Rebecca Stapler

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How do you plan to refinance your student loan -- with an unsecured loan? Pay off with a home equity loan?

That's a good question.  I was thinking of doing a student loan consolidation even though I only have 1 eligible loan, and variable rate student loans seem to be an option in that case.  Would some other type of loan give me a better deal?

I hate to break the news to you, but you can't refinance a student loan. You can pay it off with another type of loan, or consolidate it to the weighted average rate of all the loans you're consolidating, but those don't sound like viable options for you.

Before your grace period ends, pay off all the interest that will be capitalized at the end of the grace period. Then pick off your loans, starting with the highest interest rate or the lowest balance, whatever suits your fancy. If you pick off the lowest balances first, you will reduce your monthly minimum payments. If you pay off your highest interest first, it will save you the most money. Good luck!

neoptolemus412

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To concur with Stan, student loans don't consolidate unless it's a federal loan consolidation or you get behind in some way & the private loans apply a repayment plan.  You say you have $30K in private student loans. Number 1 thing is figuring out if you need/want more school in the next 10 years.  Since we don't know the actual loan terms, here's the most likely options.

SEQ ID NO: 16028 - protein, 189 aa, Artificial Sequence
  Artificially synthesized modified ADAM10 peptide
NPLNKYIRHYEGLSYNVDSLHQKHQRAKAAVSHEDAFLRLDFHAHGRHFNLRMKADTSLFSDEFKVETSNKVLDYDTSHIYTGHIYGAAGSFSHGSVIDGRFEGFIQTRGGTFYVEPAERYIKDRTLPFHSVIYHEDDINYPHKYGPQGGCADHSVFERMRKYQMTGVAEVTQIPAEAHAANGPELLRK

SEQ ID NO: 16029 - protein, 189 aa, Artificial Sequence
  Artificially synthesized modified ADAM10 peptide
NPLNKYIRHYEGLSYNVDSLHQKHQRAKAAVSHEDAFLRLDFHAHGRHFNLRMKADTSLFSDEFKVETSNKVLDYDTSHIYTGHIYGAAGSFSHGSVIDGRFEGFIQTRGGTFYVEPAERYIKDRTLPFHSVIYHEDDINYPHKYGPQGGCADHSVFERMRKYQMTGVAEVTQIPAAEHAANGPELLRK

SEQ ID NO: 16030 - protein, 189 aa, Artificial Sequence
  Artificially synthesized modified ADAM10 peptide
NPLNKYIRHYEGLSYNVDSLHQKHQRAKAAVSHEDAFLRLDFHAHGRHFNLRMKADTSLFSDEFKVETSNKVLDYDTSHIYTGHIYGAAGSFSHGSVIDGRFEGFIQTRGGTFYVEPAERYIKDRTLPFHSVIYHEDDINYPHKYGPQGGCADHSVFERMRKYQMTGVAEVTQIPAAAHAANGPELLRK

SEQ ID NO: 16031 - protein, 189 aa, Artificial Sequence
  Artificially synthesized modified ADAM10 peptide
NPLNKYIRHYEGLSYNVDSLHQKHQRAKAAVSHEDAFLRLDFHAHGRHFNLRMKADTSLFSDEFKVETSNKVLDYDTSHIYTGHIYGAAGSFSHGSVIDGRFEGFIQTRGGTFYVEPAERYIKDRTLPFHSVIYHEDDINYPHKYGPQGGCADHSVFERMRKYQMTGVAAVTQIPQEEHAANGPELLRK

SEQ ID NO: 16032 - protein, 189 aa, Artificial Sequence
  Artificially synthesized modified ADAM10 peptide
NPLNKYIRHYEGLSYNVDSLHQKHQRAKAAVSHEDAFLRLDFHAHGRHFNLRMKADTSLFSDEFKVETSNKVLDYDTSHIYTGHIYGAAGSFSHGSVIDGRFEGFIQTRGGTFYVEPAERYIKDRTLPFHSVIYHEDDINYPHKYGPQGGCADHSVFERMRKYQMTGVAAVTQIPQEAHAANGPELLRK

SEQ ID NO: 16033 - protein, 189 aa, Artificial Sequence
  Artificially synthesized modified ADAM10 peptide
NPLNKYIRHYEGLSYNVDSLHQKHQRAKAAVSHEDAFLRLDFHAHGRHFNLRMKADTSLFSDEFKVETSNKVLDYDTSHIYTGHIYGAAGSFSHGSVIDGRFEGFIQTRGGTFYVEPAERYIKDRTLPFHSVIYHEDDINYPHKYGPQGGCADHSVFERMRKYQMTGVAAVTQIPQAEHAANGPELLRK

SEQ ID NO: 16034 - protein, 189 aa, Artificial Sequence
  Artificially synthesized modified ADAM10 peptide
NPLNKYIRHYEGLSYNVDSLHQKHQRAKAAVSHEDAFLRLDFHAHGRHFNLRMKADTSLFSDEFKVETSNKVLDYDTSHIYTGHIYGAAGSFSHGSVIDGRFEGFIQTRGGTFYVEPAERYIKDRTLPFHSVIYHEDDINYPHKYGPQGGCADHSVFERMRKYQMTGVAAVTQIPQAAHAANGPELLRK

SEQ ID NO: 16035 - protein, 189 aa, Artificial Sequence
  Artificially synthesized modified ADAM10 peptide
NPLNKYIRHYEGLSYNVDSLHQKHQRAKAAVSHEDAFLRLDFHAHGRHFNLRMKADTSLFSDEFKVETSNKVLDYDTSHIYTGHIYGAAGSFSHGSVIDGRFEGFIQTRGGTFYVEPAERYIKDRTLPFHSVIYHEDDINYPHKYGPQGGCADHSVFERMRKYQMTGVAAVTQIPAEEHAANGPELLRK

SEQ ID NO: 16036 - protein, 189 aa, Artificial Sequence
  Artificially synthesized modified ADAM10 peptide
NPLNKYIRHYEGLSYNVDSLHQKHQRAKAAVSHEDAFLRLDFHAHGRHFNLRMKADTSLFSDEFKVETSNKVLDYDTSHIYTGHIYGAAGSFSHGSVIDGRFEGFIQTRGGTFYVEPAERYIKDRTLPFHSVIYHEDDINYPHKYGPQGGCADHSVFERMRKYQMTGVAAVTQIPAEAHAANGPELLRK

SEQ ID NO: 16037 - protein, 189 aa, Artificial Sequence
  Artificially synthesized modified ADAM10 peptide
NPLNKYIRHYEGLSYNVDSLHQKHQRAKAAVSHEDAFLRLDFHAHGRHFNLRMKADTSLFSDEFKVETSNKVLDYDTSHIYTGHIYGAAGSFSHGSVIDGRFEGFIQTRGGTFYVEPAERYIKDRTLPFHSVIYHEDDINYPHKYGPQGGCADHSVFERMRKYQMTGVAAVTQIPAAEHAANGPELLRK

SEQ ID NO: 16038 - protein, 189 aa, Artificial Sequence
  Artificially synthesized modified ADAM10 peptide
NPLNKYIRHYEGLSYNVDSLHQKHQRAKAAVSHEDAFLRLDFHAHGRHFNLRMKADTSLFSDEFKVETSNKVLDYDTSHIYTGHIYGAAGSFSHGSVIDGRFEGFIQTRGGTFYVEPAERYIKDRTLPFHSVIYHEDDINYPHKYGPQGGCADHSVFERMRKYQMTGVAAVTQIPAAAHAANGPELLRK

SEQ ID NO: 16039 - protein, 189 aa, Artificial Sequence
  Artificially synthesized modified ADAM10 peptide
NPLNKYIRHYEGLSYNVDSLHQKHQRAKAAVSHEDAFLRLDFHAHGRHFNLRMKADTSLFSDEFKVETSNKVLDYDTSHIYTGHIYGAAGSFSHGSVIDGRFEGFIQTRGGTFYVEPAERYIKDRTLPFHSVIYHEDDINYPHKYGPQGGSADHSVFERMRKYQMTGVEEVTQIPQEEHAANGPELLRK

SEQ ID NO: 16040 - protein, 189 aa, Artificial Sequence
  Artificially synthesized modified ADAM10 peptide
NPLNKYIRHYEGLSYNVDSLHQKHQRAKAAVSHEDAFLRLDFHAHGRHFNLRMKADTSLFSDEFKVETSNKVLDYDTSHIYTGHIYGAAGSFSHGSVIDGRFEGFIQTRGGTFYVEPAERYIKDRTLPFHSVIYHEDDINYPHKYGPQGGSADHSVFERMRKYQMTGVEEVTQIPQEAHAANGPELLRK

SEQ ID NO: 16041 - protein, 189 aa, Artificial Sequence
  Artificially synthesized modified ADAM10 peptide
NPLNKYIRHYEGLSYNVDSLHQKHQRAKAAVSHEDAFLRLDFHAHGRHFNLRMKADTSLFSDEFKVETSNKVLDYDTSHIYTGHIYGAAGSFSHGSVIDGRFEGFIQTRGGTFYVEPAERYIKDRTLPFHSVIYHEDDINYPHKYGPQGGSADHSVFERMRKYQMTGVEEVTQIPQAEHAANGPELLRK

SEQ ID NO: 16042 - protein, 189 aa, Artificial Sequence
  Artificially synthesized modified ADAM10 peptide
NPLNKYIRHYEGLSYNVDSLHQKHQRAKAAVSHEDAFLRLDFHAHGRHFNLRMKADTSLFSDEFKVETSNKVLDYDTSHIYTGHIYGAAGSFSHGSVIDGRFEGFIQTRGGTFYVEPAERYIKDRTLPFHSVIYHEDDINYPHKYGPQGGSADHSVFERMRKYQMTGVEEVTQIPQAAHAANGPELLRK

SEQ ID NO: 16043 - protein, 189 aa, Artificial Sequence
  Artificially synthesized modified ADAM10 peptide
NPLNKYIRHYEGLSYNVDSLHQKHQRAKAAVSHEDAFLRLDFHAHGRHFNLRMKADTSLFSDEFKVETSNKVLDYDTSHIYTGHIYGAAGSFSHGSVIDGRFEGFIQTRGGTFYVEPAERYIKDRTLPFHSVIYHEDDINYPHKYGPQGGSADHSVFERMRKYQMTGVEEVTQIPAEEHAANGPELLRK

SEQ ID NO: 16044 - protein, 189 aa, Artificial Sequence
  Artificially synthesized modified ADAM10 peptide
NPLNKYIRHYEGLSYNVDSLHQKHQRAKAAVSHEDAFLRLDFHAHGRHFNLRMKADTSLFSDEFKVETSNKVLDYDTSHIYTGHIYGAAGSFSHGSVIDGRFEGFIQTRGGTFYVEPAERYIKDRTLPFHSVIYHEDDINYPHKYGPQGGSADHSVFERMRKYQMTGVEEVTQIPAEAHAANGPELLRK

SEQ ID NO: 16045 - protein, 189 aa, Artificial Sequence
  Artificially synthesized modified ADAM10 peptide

You haven't started FT, so I would wait until you have a FT job with strong cash flow.  This way you can budget.  Know, it takes a few weeks for consolidations to go through in almost all cases, so if you have an offer sheet, you might start the process right after you start work.  Many jobs take at least 2 weeks before payroll kicks in, so don't want to have payments start with no income. 

If you don't plan on going to school anytime soon.  Just repay the loan & do an AR b/c it's the lowest interest.

1) 2 year pay off - probably $17500 a year (rough estimate including interest).  Adj. Rate is fine. 
2) 5 year pay off - probably $8,000 a year (same rough estimate).  adj. rate is ok.  Fixed offers protection. 

If the loan offers deferment options & doesn't accrue interest during school, then you might consider not repaying the loan in full to save for grad school expenses.  However, THIS IS ONLY IF YOU KNOW FOR CERTAIN YOU'RE GOING TO SCHOOL AGAIN.  Otherwise, kill that loan.  I would personally pay it off anyway as student loan debt is dischargeable in bankruptcy & lenders can make life hell for you if necessary.